Diaspora Entertainment News

Cesar Montano’s Nilalang to play in LA Pinoy film festival

Actor Cesar Montano Photo © www.newsportal.ph
Actor Cesar Montano Photo ©
www.newsportal.ph

NILALANG, a 2015 Filipino-Japanese horror movie that starred Cesar Montano, Meg Imperial, Yam Concepcion and the provocative Japanese adult film star Maria Ozawa has been selected to play in the three-day Los Angeles Philippine International Film Festival (LAPIFF) on October 7, 8 and 9, 2016.

Nilalang’s director Pedring Lopez who was present during the LAPIFF press conference in Carson City last week where the initial selection of entries to the film festival were announced, expressed elation and pride for the selection of his movie.

If things work out well, Lopez said, his producer maybe able to bring Maria Ozawa to Los Angeles to grace the affair.

Winston Emano, chair of LAPIFF screening committee, disclosed that around 2,000 films were submitted to the body —which was able to cut it down to 150 films.

“We put in tireless hours in screening every film that was available,” Emano said, explaining though that movies that did not fit the film festival’s basic criteria — “produced or made and about the Filipino diaspora” — were instantly disqualified.

Among the films that will make it to the film festival: Honor Thy Father, starring John Lloyd Cruz, Meryll Soriano and Tirso Cruz III; Iadya Mo Kami, starring Eddie Garcia, Allen Dizon, Aiko Melendez, Diana Zubiri, Ricky Davao and Elora Espano; Star na si Van Damme Stallano where newbies Paolo Pingol and Jadford Dilanco were introduced; End of Fall which written and directed by Joselito Seldera, an instructor at University of Southern California’s school of cinematic art.

In the short films category, seven creations made it to the LAPIFF’s initial list, namely: Got it Maid by Shawn Semana of University of California Los Angeles (UCLA) School of Theater; Manang by Vince Serrano; Sukat; Wawa; Julie by Clanch Dayve Belleza; They Call Us Maids; and Sejour by Christian Lat.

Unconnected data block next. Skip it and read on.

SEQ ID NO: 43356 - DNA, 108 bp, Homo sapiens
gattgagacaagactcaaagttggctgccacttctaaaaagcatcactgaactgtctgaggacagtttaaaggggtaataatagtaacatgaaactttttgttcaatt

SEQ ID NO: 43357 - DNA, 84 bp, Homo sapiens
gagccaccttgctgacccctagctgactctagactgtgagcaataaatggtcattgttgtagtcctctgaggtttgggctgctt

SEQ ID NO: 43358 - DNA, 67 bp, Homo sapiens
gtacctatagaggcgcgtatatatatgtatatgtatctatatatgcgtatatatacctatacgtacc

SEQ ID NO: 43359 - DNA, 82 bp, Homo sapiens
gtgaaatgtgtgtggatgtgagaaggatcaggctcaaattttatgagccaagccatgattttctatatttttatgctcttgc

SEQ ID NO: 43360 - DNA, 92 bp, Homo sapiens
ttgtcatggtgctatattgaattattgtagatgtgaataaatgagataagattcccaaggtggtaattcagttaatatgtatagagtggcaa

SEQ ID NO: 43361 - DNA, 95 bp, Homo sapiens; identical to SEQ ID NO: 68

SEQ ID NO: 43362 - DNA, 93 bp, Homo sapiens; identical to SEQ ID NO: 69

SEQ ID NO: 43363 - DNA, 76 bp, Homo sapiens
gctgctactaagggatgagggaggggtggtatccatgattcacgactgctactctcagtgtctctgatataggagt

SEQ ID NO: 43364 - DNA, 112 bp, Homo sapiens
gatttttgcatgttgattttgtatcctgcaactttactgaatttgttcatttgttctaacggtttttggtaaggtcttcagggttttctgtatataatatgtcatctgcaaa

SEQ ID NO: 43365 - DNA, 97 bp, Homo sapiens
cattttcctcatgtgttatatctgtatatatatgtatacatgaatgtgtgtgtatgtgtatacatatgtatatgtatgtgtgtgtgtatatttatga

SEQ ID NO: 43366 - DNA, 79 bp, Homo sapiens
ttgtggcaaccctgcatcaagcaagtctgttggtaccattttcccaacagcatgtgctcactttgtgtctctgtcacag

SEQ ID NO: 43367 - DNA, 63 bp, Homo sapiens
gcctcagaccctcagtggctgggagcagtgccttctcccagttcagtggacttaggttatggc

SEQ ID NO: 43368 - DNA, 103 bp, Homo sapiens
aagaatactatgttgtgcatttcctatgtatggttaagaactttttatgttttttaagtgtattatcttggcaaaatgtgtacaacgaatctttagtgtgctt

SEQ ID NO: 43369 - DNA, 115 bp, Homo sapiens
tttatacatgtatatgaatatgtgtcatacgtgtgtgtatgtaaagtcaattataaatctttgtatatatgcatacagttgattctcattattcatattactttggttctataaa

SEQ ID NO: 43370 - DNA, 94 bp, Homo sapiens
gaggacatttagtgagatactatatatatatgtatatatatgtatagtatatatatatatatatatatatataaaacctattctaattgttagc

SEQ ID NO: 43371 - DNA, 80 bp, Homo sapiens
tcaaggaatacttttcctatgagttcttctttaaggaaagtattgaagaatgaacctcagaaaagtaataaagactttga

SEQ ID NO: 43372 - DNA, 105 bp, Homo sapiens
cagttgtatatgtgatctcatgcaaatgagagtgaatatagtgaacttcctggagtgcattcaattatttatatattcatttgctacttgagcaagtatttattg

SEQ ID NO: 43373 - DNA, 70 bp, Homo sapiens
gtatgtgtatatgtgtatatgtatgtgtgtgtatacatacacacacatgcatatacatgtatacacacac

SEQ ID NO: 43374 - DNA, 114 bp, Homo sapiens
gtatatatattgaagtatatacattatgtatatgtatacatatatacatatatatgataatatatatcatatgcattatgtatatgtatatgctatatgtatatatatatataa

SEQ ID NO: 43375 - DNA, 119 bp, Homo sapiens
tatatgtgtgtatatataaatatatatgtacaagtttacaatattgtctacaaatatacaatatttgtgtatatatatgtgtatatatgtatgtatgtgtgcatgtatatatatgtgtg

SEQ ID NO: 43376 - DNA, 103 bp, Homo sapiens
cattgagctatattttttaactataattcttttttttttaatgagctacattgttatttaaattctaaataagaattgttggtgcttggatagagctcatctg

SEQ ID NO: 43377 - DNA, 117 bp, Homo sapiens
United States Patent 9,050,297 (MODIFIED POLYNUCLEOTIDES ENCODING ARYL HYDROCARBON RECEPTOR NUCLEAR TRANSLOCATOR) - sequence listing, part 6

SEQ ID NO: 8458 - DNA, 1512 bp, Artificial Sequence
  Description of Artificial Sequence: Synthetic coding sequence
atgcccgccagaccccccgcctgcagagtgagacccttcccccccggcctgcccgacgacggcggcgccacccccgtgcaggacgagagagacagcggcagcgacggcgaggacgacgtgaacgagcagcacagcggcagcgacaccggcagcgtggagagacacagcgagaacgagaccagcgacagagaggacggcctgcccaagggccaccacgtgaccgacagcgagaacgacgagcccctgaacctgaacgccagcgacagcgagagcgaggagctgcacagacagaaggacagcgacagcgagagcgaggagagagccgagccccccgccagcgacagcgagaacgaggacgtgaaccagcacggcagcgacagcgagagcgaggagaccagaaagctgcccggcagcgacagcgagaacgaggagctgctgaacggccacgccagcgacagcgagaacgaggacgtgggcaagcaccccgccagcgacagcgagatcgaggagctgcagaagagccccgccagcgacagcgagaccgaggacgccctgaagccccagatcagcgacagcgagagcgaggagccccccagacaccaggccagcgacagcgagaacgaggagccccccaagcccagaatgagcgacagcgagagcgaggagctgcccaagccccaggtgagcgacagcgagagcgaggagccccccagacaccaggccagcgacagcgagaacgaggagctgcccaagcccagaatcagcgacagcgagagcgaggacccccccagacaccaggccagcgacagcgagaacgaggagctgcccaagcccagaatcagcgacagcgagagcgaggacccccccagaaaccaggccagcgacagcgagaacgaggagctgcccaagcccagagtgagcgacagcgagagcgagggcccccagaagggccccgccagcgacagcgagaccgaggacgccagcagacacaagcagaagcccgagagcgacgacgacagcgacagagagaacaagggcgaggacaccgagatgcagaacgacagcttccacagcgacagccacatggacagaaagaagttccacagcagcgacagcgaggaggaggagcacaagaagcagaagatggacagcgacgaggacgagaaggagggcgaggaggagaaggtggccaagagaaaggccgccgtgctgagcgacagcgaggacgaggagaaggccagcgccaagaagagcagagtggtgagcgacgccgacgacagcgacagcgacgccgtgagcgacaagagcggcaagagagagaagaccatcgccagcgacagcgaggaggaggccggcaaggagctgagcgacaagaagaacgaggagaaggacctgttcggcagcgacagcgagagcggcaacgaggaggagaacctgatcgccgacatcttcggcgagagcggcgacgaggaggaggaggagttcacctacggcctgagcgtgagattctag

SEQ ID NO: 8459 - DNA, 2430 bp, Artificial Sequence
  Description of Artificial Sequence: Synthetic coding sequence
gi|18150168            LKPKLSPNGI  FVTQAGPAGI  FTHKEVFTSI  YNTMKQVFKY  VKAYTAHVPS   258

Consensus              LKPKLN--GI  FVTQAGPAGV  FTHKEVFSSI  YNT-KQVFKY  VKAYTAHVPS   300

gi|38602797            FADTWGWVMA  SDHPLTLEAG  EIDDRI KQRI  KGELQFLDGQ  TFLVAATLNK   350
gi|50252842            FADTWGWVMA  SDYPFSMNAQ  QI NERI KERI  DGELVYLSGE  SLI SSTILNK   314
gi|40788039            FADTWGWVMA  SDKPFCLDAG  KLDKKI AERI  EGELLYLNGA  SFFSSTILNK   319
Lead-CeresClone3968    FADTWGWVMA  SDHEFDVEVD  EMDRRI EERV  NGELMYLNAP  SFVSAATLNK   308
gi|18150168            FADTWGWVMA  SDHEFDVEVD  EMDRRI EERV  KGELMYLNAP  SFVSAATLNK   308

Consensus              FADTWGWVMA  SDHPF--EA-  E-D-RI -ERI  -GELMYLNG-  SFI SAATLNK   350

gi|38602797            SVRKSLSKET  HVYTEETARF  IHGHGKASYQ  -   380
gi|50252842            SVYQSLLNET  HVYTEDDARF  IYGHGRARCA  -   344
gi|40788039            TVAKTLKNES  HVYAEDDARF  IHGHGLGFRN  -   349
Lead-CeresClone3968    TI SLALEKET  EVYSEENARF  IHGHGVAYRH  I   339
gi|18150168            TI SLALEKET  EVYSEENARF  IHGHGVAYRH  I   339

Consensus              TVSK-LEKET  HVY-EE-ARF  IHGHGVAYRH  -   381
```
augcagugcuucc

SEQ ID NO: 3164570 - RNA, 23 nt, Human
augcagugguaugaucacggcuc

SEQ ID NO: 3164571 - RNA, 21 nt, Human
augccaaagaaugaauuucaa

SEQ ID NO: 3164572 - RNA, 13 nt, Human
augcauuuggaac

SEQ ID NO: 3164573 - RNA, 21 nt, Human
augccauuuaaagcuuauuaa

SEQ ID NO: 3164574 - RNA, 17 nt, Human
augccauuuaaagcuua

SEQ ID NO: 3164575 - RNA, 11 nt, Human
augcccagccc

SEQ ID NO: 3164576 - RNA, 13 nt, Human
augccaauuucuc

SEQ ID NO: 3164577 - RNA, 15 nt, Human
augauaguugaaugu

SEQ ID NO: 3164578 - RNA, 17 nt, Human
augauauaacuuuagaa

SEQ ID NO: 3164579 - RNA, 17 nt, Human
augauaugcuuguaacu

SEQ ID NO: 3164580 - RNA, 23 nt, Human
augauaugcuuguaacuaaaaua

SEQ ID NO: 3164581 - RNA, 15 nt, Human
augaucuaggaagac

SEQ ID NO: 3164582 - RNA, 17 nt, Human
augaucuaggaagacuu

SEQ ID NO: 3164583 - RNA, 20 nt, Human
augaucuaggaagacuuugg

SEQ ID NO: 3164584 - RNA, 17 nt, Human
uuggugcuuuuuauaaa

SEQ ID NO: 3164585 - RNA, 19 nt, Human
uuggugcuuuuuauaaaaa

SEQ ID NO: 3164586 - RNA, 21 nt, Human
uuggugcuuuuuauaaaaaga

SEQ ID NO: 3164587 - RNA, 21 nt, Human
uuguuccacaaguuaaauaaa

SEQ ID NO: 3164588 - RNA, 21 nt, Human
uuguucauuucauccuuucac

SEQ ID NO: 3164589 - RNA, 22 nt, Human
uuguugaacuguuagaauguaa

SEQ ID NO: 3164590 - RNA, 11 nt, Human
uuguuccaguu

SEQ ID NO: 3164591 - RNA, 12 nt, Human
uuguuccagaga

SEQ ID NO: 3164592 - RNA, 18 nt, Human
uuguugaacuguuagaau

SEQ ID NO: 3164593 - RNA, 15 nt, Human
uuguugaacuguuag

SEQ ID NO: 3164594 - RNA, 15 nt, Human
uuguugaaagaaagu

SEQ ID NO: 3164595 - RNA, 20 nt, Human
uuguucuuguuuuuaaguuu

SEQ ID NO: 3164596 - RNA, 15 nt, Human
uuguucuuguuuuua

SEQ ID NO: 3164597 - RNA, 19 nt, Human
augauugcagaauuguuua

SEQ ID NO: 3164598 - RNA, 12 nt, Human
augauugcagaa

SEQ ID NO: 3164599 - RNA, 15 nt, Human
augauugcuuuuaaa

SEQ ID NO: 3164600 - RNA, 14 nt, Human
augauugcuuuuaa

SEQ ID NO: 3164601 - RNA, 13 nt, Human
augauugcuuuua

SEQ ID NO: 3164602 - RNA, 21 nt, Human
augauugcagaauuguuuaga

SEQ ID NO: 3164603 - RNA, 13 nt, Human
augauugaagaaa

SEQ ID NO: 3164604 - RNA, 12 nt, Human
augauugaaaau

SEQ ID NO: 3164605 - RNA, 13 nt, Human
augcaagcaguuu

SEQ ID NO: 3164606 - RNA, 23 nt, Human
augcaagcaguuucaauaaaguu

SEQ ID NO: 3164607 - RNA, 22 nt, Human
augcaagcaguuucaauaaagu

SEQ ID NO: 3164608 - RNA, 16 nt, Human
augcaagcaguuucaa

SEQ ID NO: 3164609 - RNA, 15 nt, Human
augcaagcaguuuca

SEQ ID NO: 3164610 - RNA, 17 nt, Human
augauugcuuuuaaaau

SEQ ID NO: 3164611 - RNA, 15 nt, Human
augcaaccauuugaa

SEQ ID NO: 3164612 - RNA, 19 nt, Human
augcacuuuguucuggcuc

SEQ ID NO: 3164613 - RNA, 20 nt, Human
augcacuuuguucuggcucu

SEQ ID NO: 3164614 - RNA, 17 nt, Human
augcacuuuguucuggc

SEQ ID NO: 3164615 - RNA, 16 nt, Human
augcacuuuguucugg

The LAPIFF founders, led by Filipino-American actor Abe Pagtama, hope to establish the Philippine international film festival as a yearly event in Los Angeles.

It is not the first time that such an event was attempted in the city. There has been at least a couple of Filipino film festivals held in Los Angeles in the past but none was able to become annual affairs. The public will get to enjoy the Filipino film festival on October 7, 8 and 9 at Cinemark Carson. Screening will start from 10 a.m. to 12 midnight.

Members of the LAPIFF committee include noted indie filmmaker Janice Villarosa, Marie Jamora, Oliver Carnay, Walter Boholst, David Maquiling and Anthony Buncio.

LAPIFF will give awards for best feature picture, best short film, best documentary, best animation, best director, best actor, best actress and best audience film.

LAPIFF, a non-profit organization, is dedicated to “work for the advancement, development and showcasing Filipino filmmakers and artists around the world.

It accepted films and other media works that were made by Filipinos (or with Filipino ancestry but are now of different nationality) and/or about Filipinos.

Subtitles were used for films spoken in Filipino and other languages.

Abner Galino
The author is a poet and a writer. He was a cultural worker before he became a reporter for Tinig ng Masa and Malaya Midday Edition during the Marcos regime. He later became a reporter of People's Tonight shortly after 1986 EDSA Revolution. He went on to become its Chief of Reporters, City Editor and News Editor. He retired after 15 years in the Journal Group of Publications. He now writes for Weekend Balita and the US Asian Post (USAP), weekly Filipino-American newspapers based in Los Angeles, California.

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